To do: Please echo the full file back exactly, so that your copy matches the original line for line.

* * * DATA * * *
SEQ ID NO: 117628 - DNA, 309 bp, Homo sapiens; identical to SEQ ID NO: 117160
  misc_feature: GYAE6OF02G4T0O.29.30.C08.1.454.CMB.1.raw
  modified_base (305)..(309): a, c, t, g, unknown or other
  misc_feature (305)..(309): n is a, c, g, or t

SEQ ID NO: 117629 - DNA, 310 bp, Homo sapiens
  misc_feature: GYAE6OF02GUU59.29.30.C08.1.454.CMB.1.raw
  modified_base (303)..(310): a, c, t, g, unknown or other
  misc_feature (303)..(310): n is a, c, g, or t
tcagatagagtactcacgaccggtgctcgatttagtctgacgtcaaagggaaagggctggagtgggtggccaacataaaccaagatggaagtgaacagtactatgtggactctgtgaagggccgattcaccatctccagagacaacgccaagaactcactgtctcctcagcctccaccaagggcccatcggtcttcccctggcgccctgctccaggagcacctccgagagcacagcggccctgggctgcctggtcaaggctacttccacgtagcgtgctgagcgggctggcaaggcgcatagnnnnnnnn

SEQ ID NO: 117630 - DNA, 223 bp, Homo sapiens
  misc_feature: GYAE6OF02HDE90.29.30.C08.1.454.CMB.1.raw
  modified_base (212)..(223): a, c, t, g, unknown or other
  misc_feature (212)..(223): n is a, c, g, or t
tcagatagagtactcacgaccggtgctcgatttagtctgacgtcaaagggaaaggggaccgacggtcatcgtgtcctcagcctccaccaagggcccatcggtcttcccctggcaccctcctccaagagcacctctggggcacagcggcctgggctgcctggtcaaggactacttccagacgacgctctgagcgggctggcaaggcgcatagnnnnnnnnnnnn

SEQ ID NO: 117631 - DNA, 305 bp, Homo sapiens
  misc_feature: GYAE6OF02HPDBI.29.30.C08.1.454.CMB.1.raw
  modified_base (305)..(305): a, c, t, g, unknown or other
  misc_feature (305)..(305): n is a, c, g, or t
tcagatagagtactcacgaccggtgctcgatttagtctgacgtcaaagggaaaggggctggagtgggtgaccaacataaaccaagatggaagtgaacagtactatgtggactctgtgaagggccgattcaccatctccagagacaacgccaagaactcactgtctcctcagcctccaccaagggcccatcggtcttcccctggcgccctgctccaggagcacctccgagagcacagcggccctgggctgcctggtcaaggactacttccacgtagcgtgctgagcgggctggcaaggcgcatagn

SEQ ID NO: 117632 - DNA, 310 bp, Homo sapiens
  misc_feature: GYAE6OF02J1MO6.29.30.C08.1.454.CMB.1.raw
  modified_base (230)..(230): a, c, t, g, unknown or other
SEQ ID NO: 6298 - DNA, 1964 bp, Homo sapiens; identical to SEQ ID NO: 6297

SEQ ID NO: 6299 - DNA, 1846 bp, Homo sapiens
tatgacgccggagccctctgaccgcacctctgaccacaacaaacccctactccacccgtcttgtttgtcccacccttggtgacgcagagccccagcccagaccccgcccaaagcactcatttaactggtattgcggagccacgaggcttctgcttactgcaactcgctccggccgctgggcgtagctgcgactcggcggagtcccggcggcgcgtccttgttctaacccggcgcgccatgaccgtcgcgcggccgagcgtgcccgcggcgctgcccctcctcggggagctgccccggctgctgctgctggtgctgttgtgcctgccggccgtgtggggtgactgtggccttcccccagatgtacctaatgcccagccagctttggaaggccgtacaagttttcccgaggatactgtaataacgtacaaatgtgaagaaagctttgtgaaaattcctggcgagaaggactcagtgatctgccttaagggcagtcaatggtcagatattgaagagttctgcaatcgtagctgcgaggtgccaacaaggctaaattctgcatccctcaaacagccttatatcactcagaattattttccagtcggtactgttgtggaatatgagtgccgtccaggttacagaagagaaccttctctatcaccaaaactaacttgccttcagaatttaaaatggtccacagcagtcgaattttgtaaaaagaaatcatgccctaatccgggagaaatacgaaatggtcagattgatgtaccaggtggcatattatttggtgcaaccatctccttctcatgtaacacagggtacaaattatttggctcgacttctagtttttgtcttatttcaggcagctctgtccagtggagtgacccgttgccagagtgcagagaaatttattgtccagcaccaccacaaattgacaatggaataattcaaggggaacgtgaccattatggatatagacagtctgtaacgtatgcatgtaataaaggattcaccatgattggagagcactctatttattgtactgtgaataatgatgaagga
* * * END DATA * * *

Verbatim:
SEQ ID NO: 117628 - DNA, 309 bp, Homo sapiens; identical to SEQ ID NO: 117160
  misc_feature: GYAE6OF02G4T0O.29.30.C08.1.454.CMB.1.raw
  modified_base (305)..(309): a, c, t, g, unknown or other
  misc_feature (305)..(309): n is a, c, g, or t

SEQ ID NO: 117629 - DNA, 310 bp, Homo sapiens
  misc_feature: GYAE6OF02GUU59.29.30.C08.1.454.CMB.1.raw
  modified_base (303)..(310): a, c, t, g, unknown or other
  misc_feature (303)..(310): n is a, c, g, or t
tcagatagagtactcacgaccggtgctcgatttagtctgacgtcaaagggaaagggctggagtgggtggccaacataaaccaagatggaagtgaacagtactatgtggactctgtgaagggccgattcaccatctccagagacaacgccaagaactcactgtctcctcagcctccaccaagggcccatcggtcttcccctggcgccctgctccaggagcacctccgagagcacagcggccctgggctgcctggtcaaggctacttccacgtagcgtgctgagcgggctggcaaggcgcatagnnnnnnnn

SEQ ID NO: 117630 - DNA, 223 bp, Homo sapiens
  misc_feature: GYAE6OF02HDE90.29.30.C08.1.454.CMB.1.raw
  modified_base (212)..(223): a, c, t, g, unknown or other
  misc_feature (212)..(223): n is a, c, g, or t
tcagatagagtactcacgaccggtgctcgatttagtctgacgtcaaagggaaaggggaccgacggtcatcgtgtcctcagcctccaccaagggcccatcggtcttcccctggcaccctcctccaagagcacctctggggcacagcggcctgggctgcctggtcaaggactacttccagacgacgctctgagcgggctggcaaggcgcatagnnnnnnnnnnnn

SEQ ID NO: 117631 - DNA, 305 bp, Homo sapiens
  misc_feature: GYAE6OF02HPDBI.29.30.C08.1.454.CMB.1.raw
  modified_base (305)..(305): a, c, t, g, unknown or other
  misc_feature (305)..(305): n is a, c, g, or t
tcagatagagtactcacgaccggtgctcgatttagtctgacgtcaaagggaaaggggctggagtgggtgaccaacataaaccaagatggaagtgaacagtactatgtggactctgtgaagggccgattcaccatctccagagacaacgccaagaactcactgtctcctcagcctccaccaagggcccatcggtcttcccctggcgccctgctccaggagcacctccgagagcacagcggccctgggctgcctggtcaaggactacttccacgtagcgtgctgagcgggctggcaaggcgcatagn

SEQ ID NO: 117632 - DNA, 310 bp, Homo sapiens
  misc_feature: GYAE6OF02J1MO6.29.30.C08.1.454.CMB.1.raw
  modified_base (230)..(230): a, c, t, g, unknown or other
SEQ ID NO: 6298 - DNA, 1964 bp, Homo sapiens; identical to SEQ ID NO: 6297

SEQ ID NO: 6299 - DNA, 1846 bp, Homo sapiens
tatgacgccggagccctctgaccgcacctctgaccacaacaaacccctactccacccgtcttgtttgtcccacccttggtgacgcagagccccagcccagaccccgcccaaagcactcatttaactggtattgcggagccacgaggcttctgcttactgcaactcgctccggccgctgggcgtagctgcgactcggcggagtcccggcggcgcgtccttgttctaacccggcgcgccatgaccgtcgcgcggccgagcgtgcccgcggcgctgcccctcctcggggagctgccccggctgctgctgctggtgctgttgtgcctgccggccgtgtggggtgactgtggccttcccccagatgtacctaatgcccagccagctttggaaggccgtacaagttttcccgaggatactgtaataacgtacaaatgtgaagaaagctttgtgaaaattcctggcgagaaggactcagtgatctgccttaagggcagtcaatggtcagatattgaagagttctgcaatcgtagctgcgaggtgccaacaaggctaaattctgcatccctcaaacagccttatatcactcagaattattttccagtcggtactgttgtggaatatgagtgccgtccaggttacagaagagaaccttctctatcaccaaaactaacttgccttcagaatttaaaatggtccacagcagtcgaattttgtaaaaagaaatcatgccctaatccgggagaaatacgaaatggtcagattgatgtaccaggtggcatattatttggtgcaaccatctccttctcatgtaacacagggtacaaattatttggctcgacttctagtttttgtcttatttcaggcagctctgtccagtggagtgacccgttgccagagtgcagagaaatttattgtccagcaccaccacaaattgacaatggaataattcaaggggaacgtgaccattatggatatagacagtctgtaacgtatgcatgtaataaaggattcaccatgattggagagcactctatttattgtactgtgaataatgatgaagga